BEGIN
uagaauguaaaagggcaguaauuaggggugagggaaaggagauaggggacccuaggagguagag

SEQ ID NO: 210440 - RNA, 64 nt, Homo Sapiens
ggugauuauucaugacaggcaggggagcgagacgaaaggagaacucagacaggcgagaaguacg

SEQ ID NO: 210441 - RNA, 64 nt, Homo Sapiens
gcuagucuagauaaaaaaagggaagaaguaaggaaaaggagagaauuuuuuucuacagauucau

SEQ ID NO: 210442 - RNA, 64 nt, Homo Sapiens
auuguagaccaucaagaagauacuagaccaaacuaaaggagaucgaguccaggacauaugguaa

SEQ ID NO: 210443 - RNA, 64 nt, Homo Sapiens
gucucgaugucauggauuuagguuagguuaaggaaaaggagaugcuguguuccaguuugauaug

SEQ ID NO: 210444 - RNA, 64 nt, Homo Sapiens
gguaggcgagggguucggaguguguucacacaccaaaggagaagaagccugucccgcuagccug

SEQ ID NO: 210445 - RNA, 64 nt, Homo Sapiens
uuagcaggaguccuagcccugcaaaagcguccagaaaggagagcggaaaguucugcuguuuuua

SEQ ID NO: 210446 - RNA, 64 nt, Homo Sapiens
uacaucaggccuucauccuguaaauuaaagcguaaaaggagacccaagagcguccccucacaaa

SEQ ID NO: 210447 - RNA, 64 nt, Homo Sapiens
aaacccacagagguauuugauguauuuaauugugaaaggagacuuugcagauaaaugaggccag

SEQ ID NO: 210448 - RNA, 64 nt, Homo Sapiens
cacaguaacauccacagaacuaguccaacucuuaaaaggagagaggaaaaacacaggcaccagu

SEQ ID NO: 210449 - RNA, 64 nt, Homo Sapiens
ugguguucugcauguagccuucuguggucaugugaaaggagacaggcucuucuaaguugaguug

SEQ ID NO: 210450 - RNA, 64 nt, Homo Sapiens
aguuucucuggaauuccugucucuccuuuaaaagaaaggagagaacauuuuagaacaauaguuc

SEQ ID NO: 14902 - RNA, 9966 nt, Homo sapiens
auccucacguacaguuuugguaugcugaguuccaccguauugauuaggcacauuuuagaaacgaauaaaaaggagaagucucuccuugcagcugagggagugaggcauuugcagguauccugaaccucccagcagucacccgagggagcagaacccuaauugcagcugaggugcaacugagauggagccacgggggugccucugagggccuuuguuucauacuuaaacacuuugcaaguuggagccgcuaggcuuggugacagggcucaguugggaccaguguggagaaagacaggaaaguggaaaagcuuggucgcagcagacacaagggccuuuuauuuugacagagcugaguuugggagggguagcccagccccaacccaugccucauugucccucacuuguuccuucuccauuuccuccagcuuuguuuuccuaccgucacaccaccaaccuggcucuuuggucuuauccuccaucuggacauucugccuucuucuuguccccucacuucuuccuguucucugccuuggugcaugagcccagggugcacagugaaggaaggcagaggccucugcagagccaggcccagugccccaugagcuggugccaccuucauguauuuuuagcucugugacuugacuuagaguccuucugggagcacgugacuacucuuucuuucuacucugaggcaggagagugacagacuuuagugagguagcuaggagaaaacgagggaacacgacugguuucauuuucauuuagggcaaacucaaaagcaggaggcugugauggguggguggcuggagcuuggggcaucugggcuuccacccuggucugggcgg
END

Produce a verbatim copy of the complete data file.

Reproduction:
uagaauguaaaagggcaguaauuaggggugagggaaaggagauaggggacccuaggagguagag

SEQ ID NO: 210440 - RNA, 64 nt, Homo Sapiens
ggugauuauucaugacaggcaggggagcgagacgaaaggagaacucagacaggcgagaaguacg

SEQ ID NO: 210441 - RNA, 64 nt, Homo Sapiens
gcuagucuagauaaaaaaagggaagaaguaaggaaaaggagagaauuuuuuucuacagauucau

SEQ ID NO: 210442 - RNA, 64 nt, Homo Sapiens
auuguagaccaucaagaagauacuagaccaaacuaaaggagaucgaguccaggacauaugguaa

SEQ ID NO: 210443 - RNA, 64 nt, Homo Sapiens
gucucgaugucauggauuuagguuagguuaaggaaaaggagaugcuguguuccaguuugauaug

SEQ ID NO: 210444 - RNA, 64 nt, Homo Sapiens
gguaggcgagggguucggaguguguucacacaccaaaggagaagaagccugucccgcuagccug

SEQ ID NO: 210445 - RNA, 64 nt, Homo Sapiens
uuagcaggaguccuagcccugcaaaagcguccagaaaggagagcggaaaguucugcuguuuuua

SEQ ID NO: 210446 - RNA, 64 nt, Homo Sapiens
uacaucaggccuucauccuguaaauuaaagcguaaaaggagacccaagagcguccccucacaaa

SEQ ID NO: 210447 - RNA, 64 nt, Homo Sapiens
aaacccacagagguauuugauguauuuaauugugaaaggagacuuugcagauaaaugaggccag

SEQ ID NO: 210448 - RNA, 64 nt, Homo Sapiens
cacaguaacauccacagaacuaguccaacucuuaaaaggagagaggaaaaacacaggcaccagu

SEQ ID NO: 210449 - RNA, 64 nt, Homo Sapiens
ugguguucugcauguagccuucuguggucaugugaaaggagacaggcucuucuaaguugaguug

SEQ ID NO: 210450 - RNA, 64 nt, Homo Sapiens
aguuucucuggaauuccugucucuccuuuaaaagaaaggagagaacauuuuagaacaauaguuc

SEQ ID NO: 14902 - RNA, 9966 nt, Homo sapiens
auccucacguacaguuuugguaugcugaguuccaccguauugauuaggcacauuuuagaaacgaauaaaaaggagaagucucuccuugcagcugagggagugaggcauuugcagguauccugaaccucccagcagucacccgagggagcagaacccuaauugcagcugaggugcaacugagauggagccacgggggugccucugagggccuuuguuucauacuuaaacacuuugcaaguuggagccgcuaggcuuggugacagggcucaguugggaccaguguggagaaagacaggaaaguggaaaagcuuggucgcagcagacacaagggccuuuuauuuugacagagcugaguuugggagggguagcccagccccaacccaugccucauugucccucacuuguuccuucuccauuuccuccagcuuuguuuuccuaccgucacaccaccaaccuggcucuuuggucuuauccuccaucuggacauucugccuucuucuuguccccucacuucuuccuguucucugccuuggugcaugagcccagggugcacagugaaggaaggcagaggccucugcagagccaggcccagugccccaugagcuggugccaccuucauguauuuuuagcucugugacuugacuuagaguccuucugggagcacgugacuacucuuucuuucuacucugaggcaggagagugacagacuuuagugagguagcuaggagaaaacgagggaacacgacugguuucauuuucauuuagggcaaacucaaaagcaggaggcugugauggguggguggcuggagcuuggggcaucugggcuuccacccuggucugggcgg